And they wonder why we Normals hate the MSM?

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  • Moe Ferrel

    ““The American people will know exactly where to place the blame,” declared Senate Minority Leader Chuck Schumer, D-N.Y., all but daring Trump to aggravate what could be a major issue in the 2018 congressional elections.”

    Yes they’ll know who to blame. They already know, DEMOCRATS, LIBERALS, PROGRESSIVES, and SOCIALISTS, that’s who. If the Crats had only left our healthcare system alone it would be fine today. Wipe out Obamacare and repeal the Emergency Medical Treatment and Active Labor Act and the cost of healthcare will drop to reasonable levels and everyone will be happy. Get the damn Feds completely out of healthcare.

  • For what it’s worth, we had the same one-sided AP article in our local rag, Foster’s Daily Democrat. I was irritated too.

  • magellannh

    While it maybe that the PAYMENTS are illegal (one court has ruled they are, but it’s on appeal), there’s actually not any question about whether the government has an OBLIGATION to make the payments.

    This is like if you were acting crazy, refused to pay your mortgage, and a friend wrote the check for you and signed your name on it. The check is clearly illegal and any court would likely agree and tell the bank to return the money to your checking account. However, the court ruling wouldn’t change the fact that you still owe the mortgage company.

    If this plays out the same way the risk corridor subsidies did, what will eventually happen is that the US Court of Federal Claims will rule that the payments are in fact owed by the government and must be made. Instead of relying on a special congressional appropriation, the payment will be made out of a judgement fund that congress has already made an appropriation for to handle court ordered payments to cover unpaid obligations of the US government.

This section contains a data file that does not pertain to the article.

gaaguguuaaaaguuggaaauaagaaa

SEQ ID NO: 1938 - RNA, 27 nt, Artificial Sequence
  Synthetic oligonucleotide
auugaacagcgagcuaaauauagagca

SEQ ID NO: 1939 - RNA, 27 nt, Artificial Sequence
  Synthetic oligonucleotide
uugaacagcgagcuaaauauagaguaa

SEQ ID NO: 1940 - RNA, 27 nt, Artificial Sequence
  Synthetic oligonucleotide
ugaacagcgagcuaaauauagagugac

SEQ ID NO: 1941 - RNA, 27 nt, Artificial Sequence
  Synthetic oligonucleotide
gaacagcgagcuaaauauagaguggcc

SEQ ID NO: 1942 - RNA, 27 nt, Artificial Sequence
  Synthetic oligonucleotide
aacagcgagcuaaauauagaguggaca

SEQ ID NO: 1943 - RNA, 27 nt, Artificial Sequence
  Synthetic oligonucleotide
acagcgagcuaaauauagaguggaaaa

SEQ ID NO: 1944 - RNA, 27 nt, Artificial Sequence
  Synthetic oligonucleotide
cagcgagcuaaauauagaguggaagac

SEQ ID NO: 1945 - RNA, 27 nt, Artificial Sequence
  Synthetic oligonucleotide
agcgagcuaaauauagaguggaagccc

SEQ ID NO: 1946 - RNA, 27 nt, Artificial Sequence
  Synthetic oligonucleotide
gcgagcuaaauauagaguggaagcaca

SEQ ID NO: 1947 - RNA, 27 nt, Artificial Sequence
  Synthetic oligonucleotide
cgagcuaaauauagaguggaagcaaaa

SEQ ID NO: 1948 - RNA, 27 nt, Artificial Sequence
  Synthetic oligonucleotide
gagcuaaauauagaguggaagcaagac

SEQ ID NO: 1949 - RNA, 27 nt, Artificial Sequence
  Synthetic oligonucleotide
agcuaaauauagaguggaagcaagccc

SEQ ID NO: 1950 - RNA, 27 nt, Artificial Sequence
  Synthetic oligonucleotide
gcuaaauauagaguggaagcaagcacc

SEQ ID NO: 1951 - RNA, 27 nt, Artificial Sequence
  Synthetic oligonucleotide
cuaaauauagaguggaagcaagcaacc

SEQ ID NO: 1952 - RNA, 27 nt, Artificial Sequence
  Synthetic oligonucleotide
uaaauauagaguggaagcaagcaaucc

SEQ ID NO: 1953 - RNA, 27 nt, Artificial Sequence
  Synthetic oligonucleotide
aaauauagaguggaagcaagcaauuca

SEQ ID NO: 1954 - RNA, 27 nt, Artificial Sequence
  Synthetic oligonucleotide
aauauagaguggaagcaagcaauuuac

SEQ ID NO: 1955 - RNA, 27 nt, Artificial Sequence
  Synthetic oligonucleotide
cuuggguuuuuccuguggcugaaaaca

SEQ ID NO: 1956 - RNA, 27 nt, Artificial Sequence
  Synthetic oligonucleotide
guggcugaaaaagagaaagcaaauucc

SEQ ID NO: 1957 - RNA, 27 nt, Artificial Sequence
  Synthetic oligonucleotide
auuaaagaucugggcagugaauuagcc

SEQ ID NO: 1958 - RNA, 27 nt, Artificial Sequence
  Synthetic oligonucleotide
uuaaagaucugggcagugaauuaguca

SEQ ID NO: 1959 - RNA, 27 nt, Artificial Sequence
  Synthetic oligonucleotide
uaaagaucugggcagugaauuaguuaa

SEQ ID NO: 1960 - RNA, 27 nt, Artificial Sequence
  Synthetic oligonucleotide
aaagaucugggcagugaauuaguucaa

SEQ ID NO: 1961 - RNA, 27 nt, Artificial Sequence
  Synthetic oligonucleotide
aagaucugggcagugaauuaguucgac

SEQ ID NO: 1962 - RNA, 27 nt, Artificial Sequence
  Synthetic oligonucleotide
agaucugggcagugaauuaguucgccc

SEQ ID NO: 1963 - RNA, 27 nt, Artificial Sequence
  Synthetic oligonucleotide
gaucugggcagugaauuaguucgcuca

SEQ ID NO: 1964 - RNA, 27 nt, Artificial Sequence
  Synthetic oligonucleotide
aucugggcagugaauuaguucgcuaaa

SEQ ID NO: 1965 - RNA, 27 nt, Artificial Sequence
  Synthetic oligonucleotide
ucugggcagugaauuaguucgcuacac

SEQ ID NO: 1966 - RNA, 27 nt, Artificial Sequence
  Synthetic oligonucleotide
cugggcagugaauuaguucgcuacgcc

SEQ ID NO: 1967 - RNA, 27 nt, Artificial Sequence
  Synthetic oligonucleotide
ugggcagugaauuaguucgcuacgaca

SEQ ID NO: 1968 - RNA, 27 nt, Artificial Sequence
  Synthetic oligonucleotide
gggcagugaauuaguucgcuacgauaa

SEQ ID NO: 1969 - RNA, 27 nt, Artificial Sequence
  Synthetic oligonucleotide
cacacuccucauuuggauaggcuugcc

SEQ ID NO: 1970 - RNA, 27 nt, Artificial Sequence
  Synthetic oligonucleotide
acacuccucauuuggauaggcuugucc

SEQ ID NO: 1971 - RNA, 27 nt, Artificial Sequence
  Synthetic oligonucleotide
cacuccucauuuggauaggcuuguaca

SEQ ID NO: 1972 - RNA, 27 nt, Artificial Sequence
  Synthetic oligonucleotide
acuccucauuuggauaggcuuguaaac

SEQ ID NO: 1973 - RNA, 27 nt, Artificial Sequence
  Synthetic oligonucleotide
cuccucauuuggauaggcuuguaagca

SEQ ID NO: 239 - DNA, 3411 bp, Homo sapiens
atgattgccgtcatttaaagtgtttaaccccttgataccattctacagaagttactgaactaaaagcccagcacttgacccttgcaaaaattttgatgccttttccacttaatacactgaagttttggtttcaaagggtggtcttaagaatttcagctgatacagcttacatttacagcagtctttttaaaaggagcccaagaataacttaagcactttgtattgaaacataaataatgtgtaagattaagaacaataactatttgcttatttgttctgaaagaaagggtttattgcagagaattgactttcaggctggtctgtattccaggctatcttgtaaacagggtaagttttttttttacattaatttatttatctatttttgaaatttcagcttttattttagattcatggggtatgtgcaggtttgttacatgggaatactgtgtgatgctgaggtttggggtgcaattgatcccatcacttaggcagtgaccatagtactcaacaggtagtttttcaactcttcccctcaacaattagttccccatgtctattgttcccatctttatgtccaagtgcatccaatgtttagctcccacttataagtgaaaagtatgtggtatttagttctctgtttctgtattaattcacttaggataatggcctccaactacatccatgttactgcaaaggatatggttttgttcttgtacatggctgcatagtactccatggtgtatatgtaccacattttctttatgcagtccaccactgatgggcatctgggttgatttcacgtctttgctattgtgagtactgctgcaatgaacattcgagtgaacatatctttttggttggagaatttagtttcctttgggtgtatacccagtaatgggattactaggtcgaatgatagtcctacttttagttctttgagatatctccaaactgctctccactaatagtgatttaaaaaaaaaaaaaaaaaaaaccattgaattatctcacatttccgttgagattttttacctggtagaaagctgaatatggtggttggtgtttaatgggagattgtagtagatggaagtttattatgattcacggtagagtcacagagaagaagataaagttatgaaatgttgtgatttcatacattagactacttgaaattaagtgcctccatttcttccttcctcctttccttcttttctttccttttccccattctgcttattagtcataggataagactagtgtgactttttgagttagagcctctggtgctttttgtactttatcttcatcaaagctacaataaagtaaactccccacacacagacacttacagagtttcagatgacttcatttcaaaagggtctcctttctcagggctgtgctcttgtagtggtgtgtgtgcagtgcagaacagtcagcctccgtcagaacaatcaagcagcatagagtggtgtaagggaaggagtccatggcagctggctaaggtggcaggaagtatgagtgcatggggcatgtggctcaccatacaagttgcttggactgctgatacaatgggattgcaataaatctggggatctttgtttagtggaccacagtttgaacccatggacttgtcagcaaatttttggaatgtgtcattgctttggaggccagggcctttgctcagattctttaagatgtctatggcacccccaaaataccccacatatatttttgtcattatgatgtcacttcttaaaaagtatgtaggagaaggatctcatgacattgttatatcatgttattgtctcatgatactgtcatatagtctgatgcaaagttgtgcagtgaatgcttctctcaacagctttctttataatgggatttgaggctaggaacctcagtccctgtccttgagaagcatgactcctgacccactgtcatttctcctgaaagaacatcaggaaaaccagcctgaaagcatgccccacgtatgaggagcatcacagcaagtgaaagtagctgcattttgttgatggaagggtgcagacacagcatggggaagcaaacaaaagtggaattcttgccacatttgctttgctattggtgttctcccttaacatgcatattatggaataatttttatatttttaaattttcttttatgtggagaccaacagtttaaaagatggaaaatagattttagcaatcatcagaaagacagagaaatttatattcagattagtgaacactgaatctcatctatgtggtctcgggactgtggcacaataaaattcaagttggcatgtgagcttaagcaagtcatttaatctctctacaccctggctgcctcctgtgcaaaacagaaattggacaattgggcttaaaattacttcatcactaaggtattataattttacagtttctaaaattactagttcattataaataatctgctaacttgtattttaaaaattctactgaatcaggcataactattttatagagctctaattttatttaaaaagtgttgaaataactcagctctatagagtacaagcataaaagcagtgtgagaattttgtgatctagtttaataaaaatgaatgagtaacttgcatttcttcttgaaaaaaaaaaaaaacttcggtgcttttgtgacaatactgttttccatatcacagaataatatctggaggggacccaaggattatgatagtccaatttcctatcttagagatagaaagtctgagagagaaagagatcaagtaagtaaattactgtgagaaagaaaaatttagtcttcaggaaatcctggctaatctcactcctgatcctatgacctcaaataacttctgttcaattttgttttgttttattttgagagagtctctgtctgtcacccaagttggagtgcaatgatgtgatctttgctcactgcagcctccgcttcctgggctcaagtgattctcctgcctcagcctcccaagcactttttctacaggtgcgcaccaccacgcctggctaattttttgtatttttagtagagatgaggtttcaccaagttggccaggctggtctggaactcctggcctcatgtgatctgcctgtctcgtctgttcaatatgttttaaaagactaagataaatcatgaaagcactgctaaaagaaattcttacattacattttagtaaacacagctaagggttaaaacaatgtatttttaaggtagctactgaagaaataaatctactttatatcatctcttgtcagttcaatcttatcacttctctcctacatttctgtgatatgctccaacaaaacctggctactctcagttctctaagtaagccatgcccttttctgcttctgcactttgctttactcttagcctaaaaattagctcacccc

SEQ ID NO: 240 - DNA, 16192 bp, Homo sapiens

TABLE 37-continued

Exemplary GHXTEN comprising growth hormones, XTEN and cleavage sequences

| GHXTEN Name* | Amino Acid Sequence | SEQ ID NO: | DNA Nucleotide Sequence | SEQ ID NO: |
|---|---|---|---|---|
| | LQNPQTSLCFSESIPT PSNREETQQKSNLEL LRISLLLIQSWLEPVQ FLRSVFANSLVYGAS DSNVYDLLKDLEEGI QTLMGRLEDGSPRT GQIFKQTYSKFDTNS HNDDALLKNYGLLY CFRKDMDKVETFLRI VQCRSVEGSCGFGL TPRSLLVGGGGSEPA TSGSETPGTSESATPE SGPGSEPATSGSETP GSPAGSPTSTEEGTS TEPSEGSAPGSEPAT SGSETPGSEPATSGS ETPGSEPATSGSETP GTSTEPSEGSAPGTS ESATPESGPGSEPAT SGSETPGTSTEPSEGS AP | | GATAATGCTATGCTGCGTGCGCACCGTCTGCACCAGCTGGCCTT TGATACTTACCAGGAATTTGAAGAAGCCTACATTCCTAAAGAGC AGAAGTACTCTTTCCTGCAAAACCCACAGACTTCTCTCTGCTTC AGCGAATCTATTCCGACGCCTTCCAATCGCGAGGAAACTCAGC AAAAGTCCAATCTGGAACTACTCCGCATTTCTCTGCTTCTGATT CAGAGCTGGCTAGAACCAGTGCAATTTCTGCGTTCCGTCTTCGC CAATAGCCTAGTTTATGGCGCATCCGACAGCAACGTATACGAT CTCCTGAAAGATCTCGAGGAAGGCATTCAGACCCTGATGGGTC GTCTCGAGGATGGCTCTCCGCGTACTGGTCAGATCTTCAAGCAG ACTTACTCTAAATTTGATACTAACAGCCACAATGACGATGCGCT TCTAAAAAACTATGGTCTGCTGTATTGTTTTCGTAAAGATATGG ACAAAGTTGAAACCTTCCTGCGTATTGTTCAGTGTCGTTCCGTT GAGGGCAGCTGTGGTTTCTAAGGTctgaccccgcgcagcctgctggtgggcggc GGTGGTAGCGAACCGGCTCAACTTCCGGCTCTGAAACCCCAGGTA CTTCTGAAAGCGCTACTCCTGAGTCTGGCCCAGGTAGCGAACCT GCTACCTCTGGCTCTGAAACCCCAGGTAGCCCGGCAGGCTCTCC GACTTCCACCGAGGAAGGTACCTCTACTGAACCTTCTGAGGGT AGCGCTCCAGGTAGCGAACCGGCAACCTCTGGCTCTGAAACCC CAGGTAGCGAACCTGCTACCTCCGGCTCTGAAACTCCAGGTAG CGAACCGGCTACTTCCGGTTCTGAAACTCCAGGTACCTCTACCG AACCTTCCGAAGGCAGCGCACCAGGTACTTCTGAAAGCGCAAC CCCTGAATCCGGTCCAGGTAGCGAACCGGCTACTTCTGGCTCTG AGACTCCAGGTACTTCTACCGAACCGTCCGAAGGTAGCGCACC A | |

The key is that a congressional refusal to appropriate funds to pay a US government obligation doesn’t eliminate the obligation.

    This article has some details of how this will likely play out:

    • granitegrok

      “While it maybe that the PAYMENTS are illegal (one court has ruled they are, but it’s on appeal), ”

      And the DOJ has said that it doesn’t have the legal grounds to fight it – Congress has won the suit on Constitutional grounds. End of story.

      Your mortgage check analogy is valid because Obama wrote the checks and not Congress – thus they are illegal. Trump followed Obama’s example but no longer.

      Federal Claims Court doesn’t have standing in this – this is STRICTLY a Constitutional issue and if the DOJ hadn’t bowed, it would have gone to the Supremes where a clear reading of the plain text would be validated (which means the Democrat State AGs are going to fail as well).

      The Executive branch cannot spend what the Legislative branch doesn’t appropriate. The Founders’ checks and balances system has worked again. Your “obligation” is about as valid as all the other Obama E.O.s that were shot down as unConstitutional.

      • magellannh

        First, even though DOJ bowed out on the appeal, the court has agreed to let state AG’s continue with the appeal. This is already decided and the appeal is ongoing now. As best I can tell, it seems that congress’ case is likely to be lost on appeal. Interestingly, most lawyers seem to think it’ll be lost not on the merits, but on the question of whether congress had standing to bring the case originally. The judge’s ruling on the standing question apparently went against a lot of previous case law.

        Re: “Federal Claims Court doesn’t have standing in this – this is STRICTLY a Constitutional issue and if the DOJ hadn’t bowed”